The SCBA is equipped with a remote gauge and a "low air" alarm which alerts the wearer when the air supply has dropped to 25 percent of capacity. Some systems may include only an auditory alarm, with newer systems providing both auditory and flashing lights and some even have a "heads up" display as well. Also attached to the breathing pack is a personal alert safety system or PASS (No. 3), which sounds louder and louder when it senses no movement for approximately 30 seconds. A firefighter at rest can move the PASS slightly to reset it and end the alarm. Firefighters that are injured or "down" can manually activate the alarm if possible, or if no movement is sensed, the alarm will sound, making it easier for fellow firefighters to come to their aid.

The thermal imaging camera (TIC) (No. 7) is an invaluable tool used for sensing heat sources, even in areas where a firefighter can't see, such as inside walls, attics, under debris, through smoke or in total darkness. Although the fire may appear to be out, sometimes "hot spots" that aren't obvious, can smolder for hours and rekindle the fire. Firefighters may also use the TIC to locate people that have been thrown from a vehicle and not easily seen due to darkness or vegetation or as part of a search and rescue operation.

Common equipment used and carried by a firefighter at a structure fire may include a "set of irons" (No. 9), which generally consist of an axe and a halligan tool. These tools help pry open car doors, force doors and windows open, chop a vent hole in a roof, break windows and locks and even tear down a wall. The set of irons alone weigh 19 pounds. Firefighters will often grab a large flashlight known as a battle lantern along with their attached rechargeable flashlight, similar to the "Big Ed" (No. 4) pictured. Not pictured but carried by every firefighter, especially when going into a structure fire, is a portable radio to keep in constant contact with their incident commander.

Though heavy in weight and expensive in cost, PPE allows firefighters to work in the harshest of conditions and hazards, in the safest manner possible. Personal protection equipment, through continued improvements and their proper use, has saved many, many lives, including both firefighters and the citizens they help protect.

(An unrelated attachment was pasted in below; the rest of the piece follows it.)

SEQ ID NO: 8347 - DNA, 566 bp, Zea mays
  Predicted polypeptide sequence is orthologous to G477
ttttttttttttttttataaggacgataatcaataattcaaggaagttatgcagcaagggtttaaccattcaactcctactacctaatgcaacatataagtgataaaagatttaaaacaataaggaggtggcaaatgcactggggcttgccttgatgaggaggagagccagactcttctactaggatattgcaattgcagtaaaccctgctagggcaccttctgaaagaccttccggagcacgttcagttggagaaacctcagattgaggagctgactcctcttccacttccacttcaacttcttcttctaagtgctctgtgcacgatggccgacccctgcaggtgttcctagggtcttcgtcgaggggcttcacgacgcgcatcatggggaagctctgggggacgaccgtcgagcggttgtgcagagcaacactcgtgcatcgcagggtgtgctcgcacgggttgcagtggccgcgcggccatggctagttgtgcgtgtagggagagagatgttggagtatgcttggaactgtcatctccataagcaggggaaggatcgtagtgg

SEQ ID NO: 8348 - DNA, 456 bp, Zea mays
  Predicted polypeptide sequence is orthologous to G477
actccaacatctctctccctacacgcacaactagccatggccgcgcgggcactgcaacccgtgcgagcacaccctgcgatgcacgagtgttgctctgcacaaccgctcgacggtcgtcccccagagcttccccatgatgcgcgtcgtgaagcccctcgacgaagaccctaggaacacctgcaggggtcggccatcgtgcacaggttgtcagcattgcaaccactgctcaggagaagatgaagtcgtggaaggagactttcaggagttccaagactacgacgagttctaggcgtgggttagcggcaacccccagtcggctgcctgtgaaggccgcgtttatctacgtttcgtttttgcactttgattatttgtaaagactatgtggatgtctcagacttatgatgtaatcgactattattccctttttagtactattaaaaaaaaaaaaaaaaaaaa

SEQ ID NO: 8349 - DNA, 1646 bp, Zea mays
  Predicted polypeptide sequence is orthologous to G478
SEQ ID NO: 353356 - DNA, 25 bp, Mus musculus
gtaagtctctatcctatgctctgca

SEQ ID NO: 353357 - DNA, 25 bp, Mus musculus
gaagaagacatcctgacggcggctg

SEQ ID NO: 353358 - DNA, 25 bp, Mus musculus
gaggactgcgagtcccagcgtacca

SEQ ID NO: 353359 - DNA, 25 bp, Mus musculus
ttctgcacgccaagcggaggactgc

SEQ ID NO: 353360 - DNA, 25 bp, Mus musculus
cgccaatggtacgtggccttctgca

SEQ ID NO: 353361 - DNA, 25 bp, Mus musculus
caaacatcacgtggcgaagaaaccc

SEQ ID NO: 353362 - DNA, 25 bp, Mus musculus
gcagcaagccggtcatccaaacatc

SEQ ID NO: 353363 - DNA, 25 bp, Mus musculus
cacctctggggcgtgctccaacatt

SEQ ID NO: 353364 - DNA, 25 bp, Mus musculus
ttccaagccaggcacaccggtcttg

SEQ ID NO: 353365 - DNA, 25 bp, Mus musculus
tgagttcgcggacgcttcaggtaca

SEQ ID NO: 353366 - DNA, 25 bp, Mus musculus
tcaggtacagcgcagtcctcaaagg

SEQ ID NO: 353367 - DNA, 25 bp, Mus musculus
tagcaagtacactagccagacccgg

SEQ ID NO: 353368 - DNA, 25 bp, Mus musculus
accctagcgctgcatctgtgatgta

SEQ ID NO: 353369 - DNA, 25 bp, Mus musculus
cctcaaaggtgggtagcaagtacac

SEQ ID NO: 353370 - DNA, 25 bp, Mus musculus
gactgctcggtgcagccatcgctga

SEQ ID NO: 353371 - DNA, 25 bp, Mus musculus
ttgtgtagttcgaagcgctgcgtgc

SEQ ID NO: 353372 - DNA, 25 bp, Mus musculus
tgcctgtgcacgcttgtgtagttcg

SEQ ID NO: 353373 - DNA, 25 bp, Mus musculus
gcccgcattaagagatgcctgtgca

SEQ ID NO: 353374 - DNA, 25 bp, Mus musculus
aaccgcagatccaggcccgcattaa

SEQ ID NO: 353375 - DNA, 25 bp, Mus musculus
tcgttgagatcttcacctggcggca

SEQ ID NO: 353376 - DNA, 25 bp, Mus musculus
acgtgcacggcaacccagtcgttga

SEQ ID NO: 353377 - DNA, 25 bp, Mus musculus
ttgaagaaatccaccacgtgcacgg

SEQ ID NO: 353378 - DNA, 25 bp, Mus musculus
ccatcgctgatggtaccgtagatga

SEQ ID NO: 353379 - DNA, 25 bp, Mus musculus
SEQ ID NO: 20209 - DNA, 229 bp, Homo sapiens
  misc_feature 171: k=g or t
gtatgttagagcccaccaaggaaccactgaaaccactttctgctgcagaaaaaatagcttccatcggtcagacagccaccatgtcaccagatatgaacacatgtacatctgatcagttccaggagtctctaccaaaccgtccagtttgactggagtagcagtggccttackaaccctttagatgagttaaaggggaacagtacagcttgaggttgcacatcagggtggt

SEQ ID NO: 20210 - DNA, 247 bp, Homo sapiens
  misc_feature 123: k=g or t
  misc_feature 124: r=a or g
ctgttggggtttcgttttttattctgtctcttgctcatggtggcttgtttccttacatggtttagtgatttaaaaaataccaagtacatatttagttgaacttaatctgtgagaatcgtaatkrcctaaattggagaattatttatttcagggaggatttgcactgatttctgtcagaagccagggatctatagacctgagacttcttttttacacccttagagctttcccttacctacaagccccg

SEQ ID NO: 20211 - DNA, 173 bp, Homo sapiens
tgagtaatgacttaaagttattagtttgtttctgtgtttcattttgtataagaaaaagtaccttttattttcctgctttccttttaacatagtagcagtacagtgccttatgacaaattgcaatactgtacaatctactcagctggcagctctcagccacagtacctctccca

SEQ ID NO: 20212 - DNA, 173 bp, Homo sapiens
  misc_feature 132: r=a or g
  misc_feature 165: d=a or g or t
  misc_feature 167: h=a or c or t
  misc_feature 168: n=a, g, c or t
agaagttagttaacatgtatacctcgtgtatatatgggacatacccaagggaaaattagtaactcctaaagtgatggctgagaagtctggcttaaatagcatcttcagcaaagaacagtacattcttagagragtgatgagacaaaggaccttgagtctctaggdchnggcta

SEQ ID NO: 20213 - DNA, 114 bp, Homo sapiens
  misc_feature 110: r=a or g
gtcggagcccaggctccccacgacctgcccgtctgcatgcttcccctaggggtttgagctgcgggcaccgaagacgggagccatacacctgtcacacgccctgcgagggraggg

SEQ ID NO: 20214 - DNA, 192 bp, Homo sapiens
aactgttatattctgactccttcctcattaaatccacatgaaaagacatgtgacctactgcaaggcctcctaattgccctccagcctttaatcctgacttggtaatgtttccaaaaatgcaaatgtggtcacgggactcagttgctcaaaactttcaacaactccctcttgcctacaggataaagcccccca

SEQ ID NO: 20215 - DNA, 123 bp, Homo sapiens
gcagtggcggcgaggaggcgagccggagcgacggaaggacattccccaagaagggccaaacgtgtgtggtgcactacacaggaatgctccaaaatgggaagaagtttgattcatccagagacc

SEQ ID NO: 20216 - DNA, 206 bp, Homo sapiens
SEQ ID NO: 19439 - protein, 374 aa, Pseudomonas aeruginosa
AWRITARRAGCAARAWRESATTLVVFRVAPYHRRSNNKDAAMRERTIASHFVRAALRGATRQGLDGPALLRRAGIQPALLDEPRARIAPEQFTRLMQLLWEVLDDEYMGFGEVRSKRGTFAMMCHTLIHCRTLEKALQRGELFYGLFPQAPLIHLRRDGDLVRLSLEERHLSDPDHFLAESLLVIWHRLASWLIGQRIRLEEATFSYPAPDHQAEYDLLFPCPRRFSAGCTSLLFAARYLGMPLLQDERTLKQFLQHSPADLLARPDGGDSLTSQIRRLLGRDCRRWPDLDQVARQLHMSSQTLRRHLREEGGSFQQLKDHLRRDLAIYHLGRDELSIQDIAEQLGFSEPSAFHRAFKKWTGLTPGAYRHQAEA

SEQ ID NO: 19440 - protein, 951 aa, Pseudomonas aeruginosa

Stay safe out there!

Jim Lyon is the public education specialist/information officer with Kootenai County Fire and Rescue (KCFR). If you have a question about emergency services in your area, please submit your question to "Ask Firefighter Jim" at askffjim@kootenaifire.com. Visit our Web page at www.kootenaifire.com for additional information and to read archives of previously answered questions under the link, "Prevention."

Did you know...

• The National Fire Protection Association (NFPA) sets many safety standards for firefighter PPE, with the requirement for heat/fire resistant clothing being able to withstand 5-minutes in an oven set at 500 degrees, Fahrenheit without igniting, melting, dripping or separating.

• The cost of equipping a firefighter with PPE (helmet, neck/ear hood, gloves, coat, pants, boots, radio and SCBA with mask) as pictured costs approximately $12,100. Adding a flashlight, set of irons and thermal imaging camera sets the price over $23,000.

n The National Fire Protection Association (NFPA) sets many safety standards for firefighter PPE, with the requirement for heat/fire resistant clothing being able to withstand 5-minutes in an oven set at 500 degrees, Fahrenheit without igniting, melting, dripping or separating.

• The cost of equipping a firefighter with PPE (helmet, neck/ear hood, gloves, coat, pants, boots, radio and SCBA with mask) as pictured costs approximately $12,100. Adding a flashlight, set of irons and thermal imaging camera sets the price over $23,000.

• The National Fire Protection Association (NFPA) sets many safety standards for firefighter PPE, with the requirement for heat/fire resistant clothing being able to withstand 5-minutes in an oven set at 500 degrees, Fahrenheit without igniting, melting, dripping or separating.

• The cost of equipping a firefighter with PPE (helmet, neck/ear hood, gloves, coat, pants, boots, radio and SCBA with mask) as pictured costs approximately $12,100. Adding a flashlight, set of irons and thermal imaging camera sets the price over $23,000.